By William Llewellyn, HRT-RX
The potential role of the primary male androgen testosterone in prostate cancer is controversial. Many prostate tumors are known to be androgen responsive, and thus grow under the stimulation of male sex hormones. Whether or not these same hormones play a role in cancer initiation in the first place has been the subject of much research and debate. Studies suggesting that testosterone does not have a direct causative role in prostate cancer have been mounting in recent years. It has been shifting the benefits to risks assessment with testosterone medicines, and causing many clinicians to rethink their concerns about treating their aging male patients. A study published in a recent issue of the World Journal of Urology (World J Urol. 2011 Aug 11) is sure to add fuel to this debate.
The study reviewed data that was collected in Spain during a series of 1,000 prostate biopsies between September 2007 and January 2009. The researchers compared the cancer screening results with two important markers of testosterone activity, the serum hormone level (total testosterone) and the level SHBG (Sex Hormone Binding Globulin). SHBG is a binding protein that attaches to testosterone and prevents it from activating the cellular androgen receptor. It is often regarded as an inactivation protein for testosterone. Likewise, we usually regard the testosterone that is not bound to SHBG or other restrictive binding proteins as the free “active” component.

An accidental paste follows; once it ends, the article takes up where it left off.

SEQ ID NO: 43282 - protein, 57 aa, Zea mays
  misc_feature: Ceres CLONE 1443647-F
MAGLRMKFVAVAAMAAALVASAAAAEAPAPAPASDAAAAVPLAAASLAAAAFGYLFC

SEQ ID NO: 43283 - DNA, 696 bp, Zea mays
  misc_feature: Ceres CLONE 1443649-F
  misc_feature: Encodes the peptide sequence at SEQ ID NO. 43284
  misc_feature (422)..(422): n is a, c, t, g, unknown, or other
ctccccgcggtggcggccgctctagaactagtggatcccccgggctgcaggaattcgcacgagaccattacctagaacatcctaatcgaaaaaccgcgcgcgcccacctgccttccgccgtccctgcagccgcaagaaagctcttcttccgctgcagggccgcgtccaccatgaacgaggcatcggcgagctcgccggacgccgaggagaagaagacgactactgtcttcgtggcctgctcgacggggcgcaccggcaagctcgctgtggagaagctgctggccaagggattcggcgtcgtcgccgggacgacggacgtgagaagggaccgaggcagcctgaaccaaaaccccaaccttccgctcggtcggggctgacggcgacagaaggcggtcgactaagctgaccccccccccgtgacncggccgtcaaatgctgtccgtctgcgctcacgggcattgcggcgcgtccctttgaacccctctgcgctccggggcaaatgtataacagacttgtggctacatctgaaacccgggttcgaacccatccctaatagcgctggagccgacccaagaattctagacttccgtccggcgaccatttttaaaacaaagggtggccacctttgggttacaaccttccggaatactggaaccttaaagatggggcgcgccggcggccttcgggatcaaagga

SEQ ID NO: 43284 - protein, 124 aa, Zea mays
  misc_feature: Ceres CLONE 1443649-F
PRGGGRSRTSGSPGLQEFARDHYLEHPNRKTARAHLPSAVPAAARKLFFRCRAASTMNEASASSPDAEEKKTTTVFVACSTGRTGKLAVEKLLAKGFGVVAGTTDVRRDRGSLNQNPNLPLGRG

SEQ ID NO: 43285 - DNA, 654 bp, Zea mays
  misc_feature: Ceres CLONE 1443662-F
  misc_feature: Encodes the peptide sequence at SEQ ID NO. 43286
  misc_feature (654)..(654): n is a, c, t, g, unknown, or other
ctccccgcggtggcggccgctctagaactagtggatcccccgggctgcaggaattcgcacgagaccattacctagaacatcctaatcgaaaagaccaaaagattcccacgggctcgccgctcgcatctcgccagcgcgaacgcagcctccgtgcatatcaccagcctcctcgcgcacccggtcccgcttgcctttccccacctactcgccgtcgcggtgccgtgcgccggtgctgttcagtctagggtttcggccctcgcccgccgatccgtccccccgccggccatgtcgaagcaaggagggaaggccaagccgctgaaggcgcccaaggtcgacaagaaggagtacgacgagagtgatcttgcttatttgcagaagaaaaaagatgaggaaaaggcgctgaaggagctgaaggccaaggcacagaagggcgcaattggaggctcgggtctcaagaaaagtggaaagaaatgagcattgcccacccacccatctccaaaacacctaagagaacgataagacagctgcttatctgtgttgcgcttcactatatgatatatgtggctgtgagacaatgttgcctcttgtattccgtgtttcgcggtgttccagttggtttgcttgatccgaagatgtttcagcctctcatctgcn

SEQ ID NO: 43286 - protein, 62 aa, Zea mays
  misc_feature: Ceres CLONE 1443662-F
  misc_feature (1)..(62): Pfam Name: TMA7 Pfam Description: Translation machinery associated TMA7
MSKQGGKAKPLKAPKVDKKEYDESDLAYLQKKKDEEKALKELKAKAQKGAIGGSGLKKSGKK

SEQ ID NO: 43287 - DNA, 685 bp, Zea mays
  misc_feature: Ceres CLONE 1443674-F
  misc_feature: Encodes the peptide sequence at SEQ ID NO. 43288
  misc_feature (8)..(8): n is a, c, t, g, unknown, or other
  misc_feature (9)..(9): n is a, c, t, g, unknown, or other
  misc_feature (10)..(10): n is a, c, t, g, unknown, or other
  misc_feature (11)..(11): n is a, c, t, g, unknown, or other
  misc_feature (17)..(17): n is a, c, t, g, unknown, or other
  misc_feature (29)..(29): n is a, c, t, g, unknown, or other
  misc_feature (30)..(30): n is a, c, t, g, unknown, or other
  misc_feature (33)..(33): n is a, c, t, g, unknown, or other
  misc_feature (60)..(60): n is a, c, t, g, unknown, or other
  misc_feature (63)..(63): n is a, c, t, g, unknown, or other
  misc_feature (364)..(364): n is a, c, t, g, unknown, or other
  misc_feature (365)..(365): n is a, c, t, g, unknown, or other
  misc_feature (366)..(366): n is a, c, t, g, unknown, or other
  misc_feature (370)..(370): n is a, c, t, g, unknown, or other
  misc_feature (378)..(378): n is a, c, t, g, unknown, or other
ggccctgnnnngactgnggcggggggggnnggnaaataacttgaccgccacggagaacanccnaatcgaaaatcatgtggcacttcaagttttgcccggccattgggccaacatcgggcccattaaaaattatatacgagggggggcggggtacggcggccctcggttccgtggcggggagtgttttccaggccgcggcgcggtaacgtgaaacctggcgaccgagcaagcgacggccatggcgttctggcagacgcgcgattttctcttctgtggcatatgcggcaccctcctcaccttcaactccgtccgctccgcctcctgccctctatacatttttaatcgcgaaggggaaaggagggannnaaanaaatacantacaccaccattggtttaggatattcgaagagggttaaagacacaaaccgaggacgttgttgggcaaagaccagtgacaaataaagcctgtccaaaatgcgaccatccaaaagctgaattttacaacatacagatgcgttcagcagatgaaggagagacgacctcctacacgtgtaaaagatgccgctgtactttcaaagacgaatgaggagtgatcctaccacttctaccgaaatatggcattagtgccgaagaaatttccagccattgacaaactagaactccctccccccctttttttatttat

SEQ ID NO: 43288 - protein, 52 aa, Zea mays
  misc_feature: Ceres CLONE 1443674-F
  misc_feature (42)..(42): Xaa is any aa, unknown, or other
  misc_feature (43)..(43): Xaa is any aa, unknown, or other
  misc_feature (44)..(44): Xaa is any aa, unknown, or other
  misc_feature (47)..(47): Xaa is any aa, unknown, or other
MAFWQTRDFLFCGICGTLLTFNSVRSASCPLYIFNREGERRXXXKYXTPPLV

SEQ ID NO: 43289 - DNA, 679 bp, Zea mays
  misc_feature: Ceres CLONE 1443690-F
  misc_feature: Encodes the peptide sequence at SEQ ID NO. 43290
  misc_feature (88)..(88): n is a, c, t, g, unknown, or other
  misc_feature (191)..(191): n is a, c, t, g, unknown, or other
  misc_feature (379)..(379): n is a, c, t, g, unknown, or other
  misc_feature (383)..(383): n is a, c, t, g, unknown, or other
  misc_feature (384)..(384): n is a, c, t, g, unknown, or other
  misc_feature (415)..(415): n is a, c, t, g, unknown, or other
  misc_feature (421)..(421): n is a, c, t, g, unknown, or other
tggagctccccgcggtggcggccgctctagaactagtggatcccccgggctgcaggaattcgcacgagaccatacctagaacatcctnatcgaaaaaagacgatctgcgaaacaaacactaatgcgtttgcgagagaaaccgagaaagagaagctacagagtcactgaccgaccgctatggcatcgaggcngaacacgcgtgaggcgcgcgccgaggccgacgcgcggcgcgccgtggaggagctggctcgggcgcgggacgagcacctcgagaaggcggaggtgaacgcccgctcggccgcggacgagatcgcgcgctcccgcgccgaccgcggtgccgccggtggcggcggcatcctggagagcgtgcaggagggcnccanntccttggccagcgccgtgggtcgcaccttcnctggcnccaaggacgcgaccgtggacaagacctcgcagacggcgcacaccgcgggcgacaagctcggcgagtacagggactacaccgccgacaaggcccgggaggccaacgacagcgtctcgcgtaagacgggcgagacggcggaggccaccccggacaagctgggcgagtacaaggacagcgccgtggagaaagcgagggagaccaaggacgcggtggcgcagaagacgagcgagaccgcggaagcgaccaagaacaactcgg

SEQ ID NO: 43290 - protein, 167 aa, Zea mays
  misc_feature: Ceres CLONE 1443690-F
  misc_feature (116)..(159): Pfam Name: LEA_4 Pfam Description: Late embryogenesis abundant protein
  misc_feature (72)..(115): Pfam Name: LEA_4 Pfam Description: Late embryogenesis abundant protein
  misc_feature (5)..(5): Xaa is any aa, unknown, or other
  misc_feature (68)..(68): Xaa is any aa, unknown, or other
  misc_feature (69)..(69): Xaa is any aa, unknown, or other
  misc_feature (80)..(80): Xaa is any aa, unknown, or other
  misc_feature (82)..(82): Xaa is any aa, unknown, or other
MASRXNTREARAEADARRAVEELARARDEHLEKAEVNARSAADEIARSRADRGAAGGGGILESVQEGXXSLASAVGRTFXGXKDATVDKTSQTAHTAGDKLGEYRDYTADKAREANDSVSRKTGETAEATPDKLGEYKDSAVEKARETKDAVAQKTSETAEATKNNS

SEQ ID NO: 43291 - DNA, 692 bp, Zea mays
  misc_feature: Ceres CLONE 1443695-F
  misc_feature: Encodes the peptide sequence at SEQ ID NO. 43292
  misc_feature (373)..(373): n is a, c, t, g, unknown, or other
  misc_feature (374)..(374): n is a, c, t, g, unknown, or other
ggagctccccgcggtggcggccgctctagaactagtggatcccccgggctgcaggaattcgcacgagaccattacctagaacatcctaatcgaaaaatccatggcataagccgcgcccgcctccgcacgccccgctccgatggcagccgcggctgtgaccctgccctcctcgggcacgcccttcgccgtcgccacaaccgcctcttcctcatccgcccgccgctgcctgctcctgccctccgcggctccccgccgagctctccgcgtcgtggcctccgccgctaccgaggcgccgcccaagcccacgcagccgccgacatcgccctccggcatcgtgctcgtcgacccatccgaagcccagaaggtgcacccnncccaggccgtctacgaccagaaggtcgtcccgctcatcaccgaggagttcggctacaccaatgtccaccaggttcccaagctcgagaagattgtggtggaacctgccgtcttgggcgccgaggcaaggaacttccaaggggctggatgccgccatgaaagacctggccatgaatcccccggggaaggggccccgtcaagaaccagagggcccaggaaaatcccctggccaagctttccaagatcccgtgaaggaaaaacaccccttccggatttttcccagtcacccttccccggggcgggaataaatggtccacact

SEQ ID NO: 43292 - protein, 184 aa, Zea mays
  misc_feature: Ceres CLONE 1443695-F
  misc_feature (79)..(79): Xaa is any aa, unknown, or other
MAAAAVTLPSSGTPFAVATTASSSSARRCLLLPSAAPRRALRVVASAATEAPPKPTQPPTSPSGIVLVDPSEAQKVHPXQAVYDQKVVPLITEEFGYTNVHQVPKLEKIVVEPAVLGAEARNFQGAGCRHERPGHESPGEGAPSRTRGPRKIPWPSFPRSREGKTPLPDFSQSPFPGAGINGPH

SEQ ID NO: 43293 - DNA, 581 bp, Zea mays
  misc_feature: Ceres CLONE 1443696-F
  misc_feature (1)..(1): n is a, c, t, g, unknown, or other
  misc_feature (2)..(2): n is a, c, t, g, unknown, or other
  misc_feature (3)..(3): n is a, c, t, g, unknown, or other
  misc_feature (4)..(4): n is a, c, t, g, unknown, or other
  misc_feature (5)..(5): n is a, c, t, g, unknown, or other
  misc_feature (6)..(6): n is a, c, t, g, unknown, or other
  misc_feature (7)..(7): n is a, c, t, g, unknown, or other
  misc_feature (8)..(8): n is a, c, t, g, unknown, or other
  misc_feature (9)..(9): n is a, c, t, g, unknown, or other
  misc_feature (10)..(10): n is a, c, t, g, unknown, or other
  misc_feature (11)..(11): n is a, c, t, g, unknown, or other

The results for the total testosterone level were in line with many other recent studies; no relationship was found between higher testosterone levels and prostate cancer. The only association with testosterone and prostate cancer was in hypogonadal (clinically low hormone levels) men. In this group, total testosterone levels were even lower in men with prostate cancer. With regard to SHBG, there was a strong association between higher levels and a positive cancer diagnosis. The exact nature of this relationship is unclear. It could mean many things, such as an active role of SHBG in disease, a preventative role of free testosterone; or even an effect rather than cause. More research is needed on this subject, though a much different picture than many expected has already been emerging.